posted by Rhomboid at 4:01 PM on May 23, 2011 [1 favorite]

Blimps tend to move around 35 miles an hour, more or less. Maybe up in the 50s or so if the wind is with you and you're burning more fuel. Most commercial airliners cruise around 550 mph, give or take. So wouldn't it make more sense to take high speed trains everywhere except when crossing the oceans? Or just drive? Major international flights over water are a fairly small proportion of the overall air transport market overall.

So if this happened, there would be very little reason for the blimps to be flying at all, and so the question really just becomes: what if all domestic flights were replaced by high speed trains? I'm not sure that question can really be answered (where do you get the power for the trains?), but that's basically what it comes down to.
posted by zachlipton at 4:08 PM on May 23, 2011 [1 favorite]

As I understand it peak helium is no less a problem than peak oil, and potentially worse (even without a massive worldwide blimp industry). Which makes it a little hard to examine this hypothetical -- the fuel savings would probably be offset by wiping out our hydrogen reserves. I guess we could always go with hydrogen.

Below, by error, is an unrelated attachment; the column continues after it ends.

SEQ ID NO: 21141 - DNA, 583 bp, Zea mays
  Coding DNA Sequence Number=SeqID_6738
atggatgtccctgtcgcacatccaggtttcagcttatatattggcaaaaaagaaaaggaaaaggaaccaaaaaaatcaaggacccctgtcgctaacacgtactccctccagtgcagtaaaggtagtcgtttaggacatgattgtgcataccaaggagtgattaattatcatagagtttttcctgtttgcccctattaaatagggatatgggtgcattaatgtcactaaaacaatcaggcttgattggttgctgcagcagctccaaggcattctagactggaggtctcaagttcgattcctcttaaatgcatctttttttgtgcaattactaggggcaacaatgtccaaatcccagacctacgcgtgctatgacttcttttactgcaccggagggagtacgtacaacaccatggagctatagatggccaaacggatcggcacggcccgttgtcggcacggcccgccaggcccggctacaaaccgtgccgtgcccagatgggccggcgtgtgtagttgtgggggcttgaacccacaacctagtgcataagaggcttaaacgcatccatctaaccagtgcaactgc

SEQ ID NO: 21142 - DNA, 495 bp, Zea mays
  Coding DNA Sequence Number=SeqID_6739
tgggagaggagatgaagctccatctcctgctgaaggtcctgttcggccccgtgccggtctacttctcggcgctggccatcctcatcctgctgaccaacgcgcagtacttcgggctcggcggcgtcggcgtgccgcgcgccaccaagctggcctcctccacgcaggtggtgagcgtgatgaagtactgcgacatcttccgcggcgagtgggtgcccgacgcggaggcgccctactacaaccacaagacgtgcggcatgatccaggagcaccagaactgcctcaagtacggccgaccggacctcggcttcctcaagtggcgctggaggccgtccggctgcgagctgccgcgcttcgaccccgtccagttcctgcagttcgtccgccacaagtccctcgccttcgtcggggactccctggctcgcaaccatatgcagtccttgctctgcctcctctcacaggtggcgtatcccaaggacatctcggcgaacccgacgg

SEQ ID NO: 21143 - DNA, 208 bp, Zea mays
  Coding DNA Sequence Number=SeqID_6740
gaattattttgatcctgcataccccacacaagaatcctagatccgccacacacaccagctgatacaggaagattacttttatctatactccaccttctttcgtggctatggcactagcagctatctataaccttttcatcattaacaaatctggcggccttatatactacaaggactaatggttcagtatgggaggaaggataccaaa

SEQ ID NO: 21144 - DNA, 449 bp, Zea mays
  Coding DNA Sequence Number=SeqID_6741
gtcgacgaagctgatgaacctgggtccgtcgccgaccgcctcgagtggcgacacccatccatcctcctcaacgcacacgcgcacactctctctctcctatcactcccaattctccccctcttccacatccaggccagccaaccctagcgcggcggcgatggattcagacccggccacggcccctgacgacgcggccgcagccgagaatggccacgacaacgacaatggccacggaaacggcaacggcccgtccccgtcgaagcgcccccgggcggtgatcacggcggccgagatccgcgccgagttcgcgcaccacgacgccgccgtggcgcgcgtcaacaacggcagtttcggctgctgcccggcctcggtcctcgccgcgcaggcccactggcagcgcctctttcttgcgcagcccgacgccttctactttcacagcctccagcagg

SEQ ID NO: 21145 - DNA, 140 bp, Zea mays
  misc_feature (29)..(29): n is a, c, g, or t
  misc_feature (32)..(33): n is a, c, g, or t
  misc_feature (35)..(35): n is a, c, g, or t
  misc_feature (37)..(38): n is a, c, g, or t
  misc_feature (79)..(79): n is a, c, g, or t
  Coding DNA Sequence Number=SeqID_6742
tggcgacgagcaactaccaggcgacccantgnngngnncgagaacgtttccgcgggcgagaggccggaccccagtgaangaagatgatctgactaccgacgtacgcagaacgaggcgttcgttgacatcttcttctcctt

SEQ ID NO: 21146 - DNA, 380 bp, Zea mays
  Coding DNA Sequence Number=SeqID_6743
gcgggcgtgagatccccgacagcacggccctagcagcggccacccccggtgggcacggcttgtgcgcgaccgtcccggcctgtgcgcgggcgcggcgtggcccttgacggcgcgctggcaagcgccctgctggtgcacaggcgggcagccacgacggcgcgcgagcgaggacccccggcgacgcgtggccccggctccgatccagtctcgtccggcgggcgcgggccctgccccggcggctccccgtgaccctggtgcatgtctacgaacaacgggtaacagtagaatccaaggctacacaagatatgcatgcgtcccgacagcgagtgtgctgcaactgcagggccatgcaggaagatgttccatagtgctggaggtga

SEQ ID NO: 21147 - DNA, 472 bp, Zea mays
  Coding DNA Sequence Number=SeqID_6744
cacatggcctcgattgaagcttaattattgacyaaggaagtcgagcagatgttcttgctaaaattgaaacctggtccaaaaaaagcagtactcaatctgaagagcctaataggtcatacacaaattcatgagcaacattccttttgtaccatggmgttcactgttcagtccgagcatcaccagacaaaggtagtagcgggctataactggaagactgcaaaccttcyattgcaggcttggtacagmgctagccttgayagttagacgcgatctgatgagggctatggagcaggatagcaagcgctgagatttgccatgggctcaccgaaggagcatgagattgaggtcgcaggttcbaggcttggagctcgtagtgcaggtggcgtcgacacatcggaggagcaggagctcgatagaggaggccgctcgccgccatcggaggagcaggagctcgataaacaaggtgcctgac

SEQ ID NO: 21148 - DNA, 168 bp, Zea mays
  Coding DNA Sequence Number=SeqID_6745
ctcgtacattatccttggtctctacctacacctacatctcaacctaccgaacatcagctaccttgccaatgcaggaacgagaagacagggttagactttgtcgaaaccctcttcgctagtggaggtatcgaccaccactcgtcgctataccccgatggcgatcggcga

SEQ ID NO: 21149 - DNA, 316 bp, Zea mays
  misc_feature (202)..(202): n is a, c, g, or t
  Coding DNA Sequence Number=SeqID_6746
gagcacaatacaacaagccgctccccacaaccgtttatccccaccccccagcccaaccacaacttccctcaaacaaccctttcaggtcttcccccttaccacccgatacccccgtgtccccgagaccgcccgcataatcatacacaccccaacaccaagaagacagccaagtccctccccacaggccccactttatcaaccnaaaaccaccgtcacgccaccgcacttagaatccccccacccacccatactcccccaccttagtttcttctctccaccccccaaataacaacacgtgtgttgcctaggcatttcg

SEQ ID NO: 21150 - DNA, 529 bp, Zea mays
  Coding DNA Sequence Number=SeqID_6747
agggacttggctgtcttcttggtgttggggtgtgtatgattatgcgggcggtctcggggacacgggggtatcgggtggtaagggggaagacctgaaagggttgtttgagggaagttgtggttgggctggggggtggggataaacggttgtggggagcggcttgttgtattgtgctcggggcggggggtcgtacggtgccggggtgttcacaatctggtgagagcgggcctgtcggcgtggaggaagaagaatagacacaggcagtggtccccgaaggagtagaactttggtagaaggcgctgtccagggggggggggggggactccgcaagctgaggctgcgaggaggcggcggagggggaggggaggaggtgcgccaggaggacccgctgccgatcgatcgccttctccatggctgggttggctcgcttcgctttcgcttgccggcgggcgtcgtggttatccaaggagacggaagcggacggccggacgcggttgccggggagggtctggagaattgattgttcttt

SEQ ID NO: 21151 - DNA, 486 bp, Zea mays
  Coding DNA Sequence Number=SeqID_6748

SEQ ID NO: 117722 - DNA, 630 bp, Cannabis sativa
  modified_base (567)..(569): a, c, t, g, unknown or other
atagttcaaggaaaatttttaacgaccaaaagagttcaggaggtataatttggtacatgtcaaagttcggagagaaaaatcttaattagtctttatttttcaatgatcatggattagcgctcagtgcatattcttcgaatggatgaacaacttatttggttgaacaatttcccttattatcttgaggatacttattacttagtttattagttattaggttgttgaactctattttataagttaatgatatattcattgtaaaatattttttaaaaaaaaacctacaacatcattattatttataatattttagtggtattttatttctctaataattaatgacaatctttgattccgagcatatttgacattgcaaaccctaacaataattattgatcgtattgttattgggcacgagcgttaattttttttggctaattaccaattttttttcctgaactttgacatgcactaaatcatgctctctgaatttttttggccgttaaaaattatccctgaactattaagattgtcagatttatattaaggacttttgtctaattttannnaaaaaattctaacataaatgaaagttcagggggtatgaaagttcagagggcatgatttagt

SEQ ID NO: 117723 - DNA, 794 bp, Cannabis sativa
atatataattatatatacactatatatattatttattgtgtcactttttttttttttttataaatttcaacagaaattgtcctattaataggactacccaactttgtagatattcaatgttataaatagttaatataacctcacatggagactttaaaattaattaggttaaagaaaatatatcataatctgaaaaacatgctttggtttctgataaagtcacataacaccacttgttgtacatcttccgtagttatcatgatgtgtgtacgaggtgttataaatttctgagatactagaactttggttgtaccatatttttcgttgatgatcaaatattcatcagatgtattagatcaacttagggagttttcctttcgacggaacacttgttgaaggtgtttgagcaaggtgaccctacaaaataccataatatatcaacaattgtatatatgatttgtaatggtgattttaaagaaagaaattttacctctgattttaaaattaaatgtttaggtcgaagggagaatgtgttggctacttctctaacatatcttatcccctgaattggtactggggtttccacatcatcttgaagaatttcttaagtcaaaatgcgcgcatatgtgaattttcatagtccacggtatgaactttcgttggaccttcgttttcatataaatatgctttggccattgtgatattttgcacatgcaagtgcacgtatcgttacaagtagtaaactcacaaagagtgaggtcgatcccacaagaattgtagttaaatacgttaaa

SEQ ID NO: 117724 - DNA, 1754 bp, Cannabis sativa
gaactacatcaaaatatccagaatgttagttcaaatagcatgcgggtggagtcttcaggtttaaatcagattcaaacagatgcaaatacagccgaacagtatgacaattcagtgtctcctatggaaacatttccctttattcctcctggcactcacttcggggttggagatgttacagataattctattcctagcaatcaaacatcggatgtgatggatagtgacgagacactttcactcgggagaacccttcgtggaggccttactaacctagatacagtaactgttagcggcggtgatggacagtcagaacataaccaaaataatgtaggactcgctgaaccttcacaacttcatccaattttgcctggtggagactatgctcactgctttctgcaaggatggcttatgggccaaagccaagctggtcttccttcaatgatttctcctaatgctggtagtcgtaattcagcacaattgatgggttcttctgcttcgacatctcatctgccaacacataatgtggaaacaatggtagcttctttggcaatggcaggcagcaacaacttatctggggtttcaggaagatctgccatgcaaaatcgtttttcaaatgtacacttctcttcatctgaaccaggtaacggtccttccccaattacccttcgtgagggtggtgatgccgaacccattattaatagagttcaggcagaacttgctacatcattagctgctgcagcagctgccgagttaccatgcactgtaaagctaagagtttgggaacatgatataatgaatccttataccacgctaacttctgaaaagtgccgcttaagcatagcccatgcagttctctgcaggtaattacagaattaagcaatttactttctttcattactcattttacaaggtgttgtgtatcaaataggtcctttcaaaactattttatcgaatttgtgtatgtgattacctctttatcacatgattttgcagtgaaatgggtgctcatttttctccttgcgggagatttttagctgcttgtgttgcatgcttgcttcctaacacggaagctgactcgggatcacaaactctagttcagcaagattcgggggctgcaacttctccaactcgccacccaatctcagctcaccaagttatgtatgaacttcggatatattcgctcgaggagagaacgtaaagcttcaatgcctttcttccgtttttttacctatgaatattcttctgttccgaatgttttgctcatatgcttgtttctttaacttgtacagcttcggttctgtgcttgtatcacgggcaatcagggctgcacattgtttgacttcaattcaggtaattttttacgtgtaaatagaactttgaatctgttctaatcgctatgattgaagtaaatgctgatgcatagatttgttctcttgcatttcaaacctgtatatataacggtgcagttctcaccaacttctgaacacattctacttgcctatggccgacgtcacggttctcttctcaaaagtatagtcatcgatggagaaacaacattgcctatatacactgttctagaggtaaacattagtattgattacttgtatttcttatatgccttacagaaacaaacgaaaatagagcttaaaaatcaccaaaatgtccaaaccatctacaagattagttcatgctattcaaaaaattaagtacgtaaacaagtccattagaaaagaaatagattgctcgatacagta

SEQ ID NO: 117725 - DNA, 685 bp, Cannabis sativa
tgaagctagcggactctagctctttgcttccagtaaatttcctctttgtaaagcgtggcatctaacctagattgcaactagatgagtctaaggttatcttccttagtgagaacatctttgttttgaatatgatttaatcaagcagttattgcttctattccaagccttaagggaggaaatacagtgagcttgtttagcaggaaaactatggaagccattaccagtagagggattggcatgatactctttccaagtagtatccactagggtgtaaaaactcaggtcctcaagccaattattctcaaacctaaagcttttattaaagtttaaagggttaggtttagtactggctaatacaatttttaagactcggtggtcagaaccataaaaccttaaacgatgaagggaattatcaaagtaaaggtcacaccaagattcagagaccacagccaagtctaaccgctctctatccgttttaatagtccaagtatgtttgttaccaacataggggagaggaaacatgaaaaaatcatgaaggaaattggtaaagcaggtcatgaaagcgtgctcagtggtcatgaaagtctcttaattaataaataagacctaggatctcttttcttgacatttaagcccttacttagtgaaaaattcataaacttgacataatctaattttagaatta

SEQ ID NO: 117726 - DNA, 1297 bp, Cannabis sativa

Also, at least in the early days, trans-atlantic blimp crossings took something like 58 hours in several legs, according to wikipedia. (The hindenberg were ~4 days.) It would be really hard to just switch to that from where we are now.
posted by advil at 4:21 PM on May 23, 2011 [1 favorite]

oops, wiping out our helium reserves
posted by advil at 4:21 PM on May 23, 2011 [1 favorite]